It’s impossible to talk about this film without mentioning the absolutely legendary cast. Primary players are Liz Taylor, Mia Farrow, and Robert Mitchum, with more brief appearances from Peggy Ashcroft and Pamela Brown. The cast is incredible in their roles, and they make it impossible to look away from the screen even when you kind of want to. It was based on a novella by Marco Denevi, and translated to the screen by George Tabori, a writer best known for penning the Hitchcock film I Confess (1953). Director Joseph Losey, once blacklisted in Hollywood as a communist, is considered a mixed bag for cinephiles, though his output is full of off-putting hidden gems. Regardless of the pretentiousness or campiness he is generally criticized for, there is still always something to be gleaned from his eye for composition and his inclination to bizarre subject matter. There is no clearer case for that than Secret Ceremony.

The studio was at a loss to sufficiently advertise for this film, and they leaned into the traces of lesbianism in the relationship between Cenci and Leonora. For his part, Losey is said to have felt that the lesbian imagery emphasized in the promotions was misleading, and that is true. It’s a story of abuse, loneliness, and the manifestations of painful feelings of abandonment for a young woman who can only define love as something that people take from her regardless of whether she’s able to give it or not, so it would be a Hell of a stretch to call it a film about a “lesbian affair.” To do so would be to simplify a complicated subject. The “lesbian overtones” of the film are undigestable and troubling, but they are still only one facet of a deeper psychological study. Cenci was clearly raised in a house where the boundaries and limitations between love and forbidden sexual desire were completely nonexistent, and her sexual affection towards Leonora is something she has been trained to give by her parental figures. Meanwhile, Leonora herself is used by men but for her own part seems incredibly sexually repressed and repentant of her life as a sex worker. That may very well indicate a sexual interest in women, but she still sees Cenci’s attempts for their perversity above all else. This is hardly a sensual story, and indeed Cenci’s advances and Leonora’s fear of her own response to them is what ultimately leads to a catastrophic showdown between the two women.

This movie is already difficult to get one’s hands on, though there is a fancy limited edition Blu-ray currently still available through the UK’s Power House Films. Slightly complicating matters is the fact that due to the box office failure of the film, in a time before cult films had their chance at a second life in midnight movie theaters, the film was sold to television and apparently mercilessly edited to adjust to the censorship laws of the time. This is to say that there are multiple versions of this movie, and not a lot of clarity around which is which. Still, if you’ve read this far, chances are that you’re willing to track it down.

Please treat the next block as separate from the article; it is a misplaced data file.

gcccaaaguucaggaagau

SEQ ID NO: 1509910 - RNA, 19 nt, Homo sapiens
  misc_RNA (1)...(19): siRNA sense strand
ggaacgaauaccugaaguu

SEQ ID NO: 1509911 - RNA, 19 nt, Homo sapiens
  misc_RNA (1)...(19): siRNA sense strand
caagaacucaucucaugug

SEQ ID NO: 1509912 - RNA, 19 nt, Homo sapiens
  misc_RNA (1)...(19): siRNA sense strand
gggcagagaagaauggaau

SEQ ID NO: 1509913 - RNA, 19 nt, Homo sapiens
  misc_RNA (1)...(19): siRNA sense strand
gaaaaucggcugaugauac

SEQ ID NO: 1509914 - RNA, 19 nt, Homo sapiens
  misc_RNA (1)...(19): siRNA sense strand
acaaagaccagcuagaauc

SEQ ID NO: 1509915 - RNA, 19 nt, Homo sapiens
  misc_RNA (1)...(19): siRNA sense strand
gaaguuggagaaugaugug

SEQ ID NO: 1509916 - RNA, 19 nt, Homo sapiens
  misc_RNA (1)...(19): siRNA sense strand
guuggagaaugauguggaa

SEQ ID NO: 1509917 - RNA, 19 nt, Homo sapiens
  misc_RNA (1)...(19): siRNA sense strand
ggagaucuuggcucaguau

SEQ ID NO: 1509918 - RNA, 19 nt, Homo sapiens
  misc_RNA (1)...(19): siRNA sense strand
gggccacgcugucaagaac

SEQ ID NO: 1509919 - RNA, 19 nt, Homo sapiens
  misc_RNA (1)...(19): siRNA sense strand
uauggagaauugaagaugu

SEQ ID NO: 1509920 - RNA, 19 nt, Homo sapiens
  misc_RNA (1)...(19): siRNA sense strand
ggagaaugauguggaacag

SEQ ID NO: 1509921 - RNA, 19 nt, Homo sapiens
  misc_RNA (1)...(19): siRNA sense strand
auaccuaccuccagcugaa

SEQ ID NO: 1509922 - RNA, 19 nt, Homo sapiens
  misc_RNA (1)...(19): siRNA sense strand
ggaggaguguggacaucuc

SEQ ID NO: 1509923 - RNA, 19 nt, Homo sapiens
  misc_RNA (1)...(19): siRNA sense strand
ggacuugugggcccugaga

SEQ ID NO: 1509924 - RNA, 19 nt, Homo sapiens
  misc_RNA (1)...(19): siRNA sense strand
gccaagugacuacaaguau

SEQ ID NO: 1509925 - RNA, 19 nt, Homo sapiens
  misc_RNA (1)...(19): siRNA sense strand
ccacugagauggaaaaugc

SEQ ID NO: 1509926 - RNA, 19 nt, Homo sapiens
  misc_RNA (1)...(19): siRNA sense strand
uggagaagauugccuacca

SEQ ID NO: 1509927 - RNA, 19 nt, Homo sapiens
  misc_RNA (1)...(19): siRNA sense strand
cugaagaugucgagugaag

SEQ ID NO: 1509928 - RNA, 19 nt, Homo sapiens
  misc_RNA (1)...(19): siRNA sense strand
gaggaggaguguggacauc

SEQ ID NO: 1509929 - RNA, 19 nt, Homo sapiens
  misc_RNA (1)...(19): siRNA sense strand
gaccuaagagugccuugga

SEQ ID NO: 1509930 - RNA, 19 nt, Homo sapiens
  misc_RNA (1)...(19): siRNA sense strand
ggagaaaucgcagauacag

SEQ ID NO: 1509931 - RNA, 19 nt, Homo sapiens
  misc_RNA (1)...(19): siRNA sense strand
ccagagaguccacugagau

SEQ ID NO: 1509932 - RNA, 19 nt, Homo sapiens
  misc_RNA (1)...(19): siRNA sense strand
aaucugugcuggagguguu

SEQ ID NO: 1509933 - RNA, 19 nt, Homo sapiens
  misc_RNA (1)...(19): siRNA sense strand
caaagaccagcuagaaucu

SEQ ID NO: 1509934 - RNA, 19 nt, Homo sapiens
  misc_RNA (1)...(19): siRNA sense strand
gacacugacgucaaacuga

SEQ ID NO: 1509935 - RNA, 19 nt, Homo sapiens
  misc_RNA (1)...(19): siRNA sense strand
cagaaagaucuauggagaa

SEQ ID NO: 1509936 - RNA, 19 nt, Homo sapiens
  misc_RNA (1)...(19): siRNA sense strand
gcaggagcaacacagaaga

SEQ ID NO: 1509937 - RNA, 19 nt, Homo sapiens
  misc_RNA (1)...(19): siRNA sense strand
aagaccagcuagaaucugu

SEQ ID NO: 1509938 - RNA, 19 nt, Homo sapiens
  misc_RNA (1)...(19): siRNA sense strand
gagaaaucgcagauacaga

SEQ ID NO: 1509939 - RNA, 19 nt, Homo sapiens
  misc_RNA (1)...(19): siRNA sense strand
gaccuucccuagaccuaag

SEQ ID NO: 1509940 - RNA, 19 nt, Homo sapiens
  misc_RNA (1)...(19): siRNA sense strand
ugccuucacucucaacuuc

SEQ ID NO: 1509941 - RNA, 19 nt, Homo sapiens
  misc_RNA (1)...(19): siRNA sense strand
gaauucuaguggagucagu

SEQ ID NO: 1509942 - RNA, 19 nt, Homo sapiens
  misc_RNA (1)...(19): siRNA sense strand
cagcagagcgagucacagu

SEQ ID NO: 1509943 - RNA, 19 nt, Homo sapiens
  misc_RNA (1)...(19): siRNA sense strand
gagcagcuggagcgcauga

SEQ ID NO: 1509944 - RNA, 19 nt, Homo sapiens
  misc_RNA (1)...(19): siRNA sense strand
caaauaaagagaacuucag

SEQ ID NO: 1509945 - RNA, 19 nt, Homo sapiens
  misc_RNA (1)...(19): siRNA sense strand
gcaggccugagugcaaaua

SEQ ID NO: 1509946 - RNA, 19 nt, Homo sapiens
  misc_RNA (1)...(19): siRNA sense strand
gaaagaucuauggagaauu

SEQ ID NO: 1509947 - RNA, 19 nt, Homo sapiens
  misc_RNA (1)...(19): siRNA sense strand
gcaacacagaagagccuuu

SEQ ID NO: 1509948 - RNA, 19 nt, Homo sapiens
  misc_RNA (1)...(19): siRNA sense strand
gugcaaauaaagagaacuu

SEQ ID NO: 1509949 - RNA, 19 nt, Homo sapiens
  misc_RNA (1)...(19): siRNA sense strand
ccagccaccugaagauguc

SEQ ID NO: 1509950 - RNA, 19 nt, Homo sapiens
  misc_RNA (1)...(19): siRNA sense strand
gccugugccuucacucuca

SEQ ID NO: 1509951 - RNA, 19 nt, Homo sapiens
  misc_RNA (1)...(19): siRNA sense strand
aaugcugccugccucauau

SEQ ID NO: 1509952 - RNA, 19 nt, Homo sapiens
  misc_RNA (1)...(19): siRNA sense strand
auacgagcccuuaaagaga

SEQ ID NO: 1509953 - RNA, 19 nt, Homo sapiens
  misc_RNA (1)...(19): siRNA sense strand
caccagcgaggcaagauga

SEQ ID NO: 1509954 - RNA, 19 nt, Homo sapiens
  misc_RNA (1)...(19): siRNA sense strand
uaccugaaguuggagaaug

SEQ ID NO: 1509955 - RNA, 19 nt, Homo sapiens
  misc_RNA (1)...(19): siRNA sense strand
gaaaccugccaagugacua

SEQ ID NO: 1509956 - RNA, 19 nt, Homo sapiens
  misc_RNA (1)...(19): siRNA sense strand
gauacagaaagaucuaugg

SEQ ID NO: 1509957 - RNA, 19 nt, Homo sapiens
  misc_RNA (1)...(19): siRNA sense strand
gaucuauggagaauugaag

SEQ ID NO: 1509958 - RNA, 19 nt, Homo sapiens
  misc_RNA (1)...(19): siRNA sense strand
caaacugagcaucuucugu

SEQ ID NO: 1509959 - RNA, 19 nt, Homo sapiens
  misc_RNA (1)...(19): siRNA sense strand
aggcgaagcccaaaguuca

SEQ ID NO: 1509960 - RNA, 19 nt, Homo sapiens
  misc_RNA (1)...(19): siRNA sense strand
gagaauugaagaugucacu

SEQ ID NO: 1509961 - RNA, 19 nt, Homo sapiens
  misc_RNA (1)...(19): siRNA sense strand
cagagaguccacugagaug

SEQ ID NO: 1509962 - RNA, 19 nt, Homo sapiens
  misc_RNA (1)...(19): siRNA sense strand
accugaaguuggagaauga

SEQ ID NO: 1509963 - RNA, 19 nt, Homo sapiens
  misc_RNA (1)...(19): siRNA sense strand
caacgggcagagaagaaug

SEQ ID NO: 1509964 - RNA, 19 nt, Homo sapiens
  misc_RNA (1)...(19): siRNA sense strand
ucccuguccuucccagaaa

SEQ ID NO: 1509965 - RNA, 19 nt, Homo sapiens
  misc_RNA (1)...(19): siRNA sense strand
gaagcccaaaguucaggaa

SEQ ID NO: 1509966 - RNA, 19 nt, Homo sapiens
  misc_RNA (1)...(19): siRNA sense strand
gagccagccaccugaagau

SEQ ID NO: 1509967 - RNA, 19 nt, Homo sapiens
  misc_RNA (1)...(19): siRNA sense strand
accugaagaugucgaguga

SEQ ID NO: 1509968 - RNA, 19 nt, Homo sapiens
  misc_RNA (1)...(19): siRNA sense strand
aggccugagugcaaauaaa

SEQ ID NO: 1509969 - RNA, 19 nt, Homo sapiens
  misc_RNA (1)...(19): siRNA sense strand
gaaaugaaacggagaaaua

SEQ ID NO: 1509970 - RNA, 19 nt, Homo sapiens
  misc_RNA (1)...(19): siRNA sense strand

In the end, Secret Ceremony’s emotional impact would be impossible with a mere summary of the plot, and might be better understood through a metaphor. Imagine, two figures in the void, reaching desperately out to each other, their fingers just barely brushing, only to miss one another, falling back into their own abyss for all eternity. That is the story of Leonora and Cenci. Their lives have been dictated by others, they have each lost the thing that kept them tethered, they reach out for each other… yet their own pain prevents them from connecting in an honest way. In the end, both are lost. Leonora’s last attempt at protecting Cenci comes painfully, tragically too late, and she ends the movie where she began, alone, in a hotel room, with nothing to look forward to but a long series of days, all just the same.

Yet, as her character is consistently reduced to “a prostitute” in reviews, as if that in and of itself is somehow an efficient descriptor of such a complex character, there is still a sense of defiant feminism in her last moments on the screen. She loses Cenci, but she is also the only one to truly mourn her. When she lashes out at Albert, we rest assured to know that he will no longer “interfere with minors,” he will no longer spit vicious insults at the mothers that try to protect their daughters, and he will no longer live to deceive himself that he had a connection with Cenci that was anything but predatory. In that way, Leonora is a troubled protagonist, a misguided and broken protagonist, one that might not be easy to like, but she is all that Cenci had.

The tempestuous moods and upsetting subject matter of Secret Ceremony make it impossible to forget, and to think of it feels much the same as being trapped in those dim hallways, alone with Cenci, isolated yet vulnerable, struggling to express terrible truths that we don’t have words for in our language. Despite being essentially torn to bits by critics of the time, Secret Ceremony remains a dark, haunting, unforgettable cult gem.